Playfully nicknamed “Zune 2K” day after Y2K day, owners of Microsoft Zune devices began reporting that their devices had malfunctioned and refused to boot up. The problem turned out to be a “a bug in the internal clock driver related to the way the device handles a leap year,” as described by Microsoft. The problem would fix itself on Jan 1, 2009 if users let the battery run down and then reset the device on that day. Certainly, the publicity from this gaffe couldn’t have helped the perception of the Zune in the marketplace, as by this time Apple’s iPhone had started its dominant rise. Microsoft said it would issue a bugfix for the device so that this problem wouldn’t re-occur in 2012, but by that time, Microsoft had already killed the Zune line of devices so I’m not sure if the problem was ever actually fixed.
Microsoft releases version 2.0 of Windows. The most notable feature of Windows 2.0 was that application windows could overlap each other, unlike in Windows 1.0. The terminology of “Minimize” and “Maximize” was also introduced in Windows 2.0. Windows 2.0 was a relatively obscure operating system, as the popularity of Windows did not really take off until version 3 in the 1990’s. Interestingly, Microsoft officially supported Windows 2.0 until December 31, 2001, a span of 14 years.
November 26, 1976
Bill Gates and Paul Allen register the trade name “Microsoft” with the Office of the Secretary of State of New Mexico. Previously, Gates and Allen had been working under an informal partnership known as “Micro-soft”, a combination of Microcomputer and Software. The partnership continued for several more years until Microsoft incorporated in July of 1981, just prior to the introduction of the IBM PC.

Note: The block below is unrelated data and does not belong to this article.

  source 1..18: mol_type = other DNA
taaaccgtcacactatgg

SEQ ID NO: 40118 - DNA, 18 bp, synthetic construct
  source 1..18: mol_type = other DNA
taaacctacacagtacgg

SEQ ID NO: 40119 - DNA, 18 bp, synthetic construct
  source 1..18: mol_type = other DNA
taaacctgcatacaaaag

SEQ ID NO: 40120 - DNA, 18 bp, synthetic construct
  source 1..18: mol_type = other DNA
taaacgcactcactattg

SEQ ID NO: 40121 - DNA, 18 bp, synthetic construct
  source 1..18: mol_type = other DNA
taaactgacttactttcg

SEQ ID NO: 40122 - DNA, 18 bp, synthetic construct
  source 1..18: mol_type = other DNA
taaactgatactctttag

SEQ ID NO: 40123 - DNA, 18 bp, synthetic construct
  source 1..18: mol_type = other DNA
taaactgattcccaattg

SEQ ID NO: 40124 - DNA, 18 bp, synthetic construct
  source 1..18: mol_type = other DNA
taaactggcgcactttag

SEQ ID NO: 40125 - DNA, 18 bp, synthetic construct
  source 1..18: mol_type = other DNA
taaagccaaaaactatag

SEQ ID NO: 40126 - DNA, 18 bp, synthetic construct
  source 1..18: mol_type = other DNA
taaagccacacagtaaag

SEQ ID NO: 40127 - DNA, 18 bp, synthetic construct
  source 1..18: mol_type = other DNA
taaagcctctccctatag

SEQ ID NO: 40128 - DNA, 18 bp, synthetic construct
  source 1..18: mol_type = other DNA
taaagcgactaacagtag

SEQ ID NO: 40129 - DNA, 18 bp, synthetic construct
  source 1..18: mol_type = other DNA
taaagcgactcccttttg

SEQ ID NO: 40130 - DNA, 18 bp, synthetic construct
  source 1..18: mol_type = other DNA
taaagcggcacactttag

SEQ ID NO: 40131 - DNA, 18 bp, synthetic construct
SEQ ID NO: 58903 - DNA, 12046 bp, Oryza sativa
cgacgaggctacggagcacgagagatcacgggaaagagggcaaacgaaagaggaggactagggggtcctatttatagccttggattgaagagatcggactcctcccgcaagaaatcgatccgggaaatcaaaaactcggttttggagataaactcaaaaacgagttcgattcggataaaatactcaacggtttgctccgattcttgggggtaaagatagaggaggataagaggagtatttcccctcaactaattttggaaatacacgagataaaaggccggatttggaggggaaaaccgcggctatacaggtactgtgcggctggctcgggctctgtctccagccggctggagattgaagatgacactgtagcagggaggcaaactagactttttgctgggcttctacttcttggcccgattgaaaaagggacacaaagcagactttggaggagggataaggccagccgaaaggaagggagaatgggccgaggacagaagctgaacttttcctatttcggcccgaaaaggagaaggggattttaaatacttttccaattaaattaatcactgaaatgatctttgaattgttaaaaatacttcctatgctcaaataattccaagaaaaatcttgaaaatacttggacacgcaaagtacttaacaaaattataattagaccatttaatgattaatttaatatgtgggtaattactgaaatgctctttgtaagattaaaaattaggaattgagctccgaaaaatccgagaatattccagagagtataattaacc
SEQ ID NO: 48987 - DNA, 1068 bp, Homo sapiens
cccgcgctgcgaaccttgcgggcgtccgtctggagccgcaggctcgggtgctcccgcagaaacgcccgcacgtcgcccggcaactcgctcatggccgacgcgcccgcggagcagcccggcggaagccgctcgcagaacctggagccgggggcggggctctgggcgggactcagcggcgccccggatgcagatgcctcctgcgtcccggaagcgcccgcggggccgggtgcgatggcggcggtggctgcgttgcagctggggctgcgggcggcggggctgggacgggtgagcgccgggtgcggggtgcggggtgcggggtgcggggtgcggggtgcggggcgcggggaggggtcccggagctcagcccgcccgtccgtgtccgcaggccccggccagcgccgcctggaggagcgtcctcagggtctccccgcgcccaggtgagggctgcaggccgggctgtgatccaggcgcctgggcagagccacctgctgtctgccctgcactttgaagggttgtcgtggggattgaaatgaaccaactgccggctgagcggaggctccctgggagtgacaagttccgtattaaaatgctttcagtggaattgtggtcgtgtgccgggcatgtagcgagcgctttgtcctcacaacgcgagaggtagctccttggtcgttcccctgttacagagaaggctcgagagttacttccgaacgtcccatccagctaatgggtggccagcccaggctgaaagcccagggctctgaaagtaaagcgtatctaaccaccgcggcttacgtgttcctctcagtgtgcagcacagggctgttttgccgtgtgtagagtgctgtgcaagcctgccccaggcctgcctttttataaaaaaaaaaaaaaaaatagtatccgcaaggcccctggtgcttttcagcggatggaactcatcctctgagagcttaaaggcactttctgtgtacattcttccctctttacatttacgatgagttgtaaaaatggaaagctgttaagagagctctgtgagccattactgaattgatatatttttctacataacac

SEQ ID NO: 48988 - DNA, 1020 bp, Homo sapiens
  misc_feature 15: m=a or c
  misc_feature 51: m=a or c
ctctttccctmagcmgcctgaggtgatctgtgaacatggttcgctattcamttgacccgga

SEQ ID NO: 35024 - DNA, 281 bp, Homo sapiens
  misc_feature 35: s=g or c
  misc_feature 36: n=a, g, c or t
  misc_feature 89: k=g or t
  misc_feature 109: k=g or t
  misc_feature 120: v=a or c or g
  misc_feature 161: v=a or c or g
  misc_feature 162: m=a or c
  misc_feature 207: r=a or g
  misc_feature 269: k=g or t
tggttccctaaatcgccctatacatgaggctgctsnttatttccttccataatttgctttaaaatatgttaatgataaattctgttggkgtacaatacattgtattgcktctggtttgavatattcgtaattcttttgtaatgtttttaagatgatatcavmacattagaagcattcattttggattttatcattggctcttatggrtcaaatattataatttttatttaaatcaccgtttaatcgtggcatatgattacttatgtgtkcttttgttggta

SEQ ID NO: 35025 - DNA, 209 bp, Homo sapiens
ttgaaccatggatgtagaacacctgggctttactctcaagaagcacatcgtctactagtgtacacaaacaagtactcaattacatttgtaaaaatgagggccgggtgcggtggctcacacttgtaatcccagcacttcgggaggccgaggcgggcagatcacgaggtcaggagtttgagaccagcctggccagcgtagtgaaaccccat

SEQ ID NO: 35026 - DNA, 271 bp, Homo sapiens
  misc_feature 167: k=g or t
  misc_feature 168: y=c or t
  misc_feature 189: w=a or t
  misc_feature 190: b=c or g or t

Two years after initially being announced, Microsoft finally ships the first version of Windows. Originally slated to be shipped in April of 1984, the long delay caused skeptics to began to accuse Windows of being “vaporware”. Due to the relatively high demands of then-current PC technology, Windows 1.0 was generally considered too slow to be usable. It wasn’t until Windows 3 that the operating system began to generate significant sales.
Microsoft Zune who?
Microsoft releases their Zune media player, intended to compete with Apple’s iPod. Hailed by some as an “iPod-killer”, the only killing done was by Microsoft less than 5 years later when they ended production of the Zune brand. Otherwise known as simply another media player to fall to the iPod behemoth, the Zune is considered a spectacular failure when taking into account the weight of the Microsoft brand at the time. The Zune’s lack of success foreshadowed of the decline of Microsoft in The New World of Technology, once Apple introduced the iPhone and iPad effectively ending the PC Era.
November 12, 2000
Bill Gates demonstrates a functional prototype of a Tablet PC. Microsoft claims “the Tablet PC will represent the next major evolution in PC design and functionality.” However, the Tablet PC initiative never really takes off and it isn’t until Apple introduces the iPad in 2010 that tablet computing is widely adopted.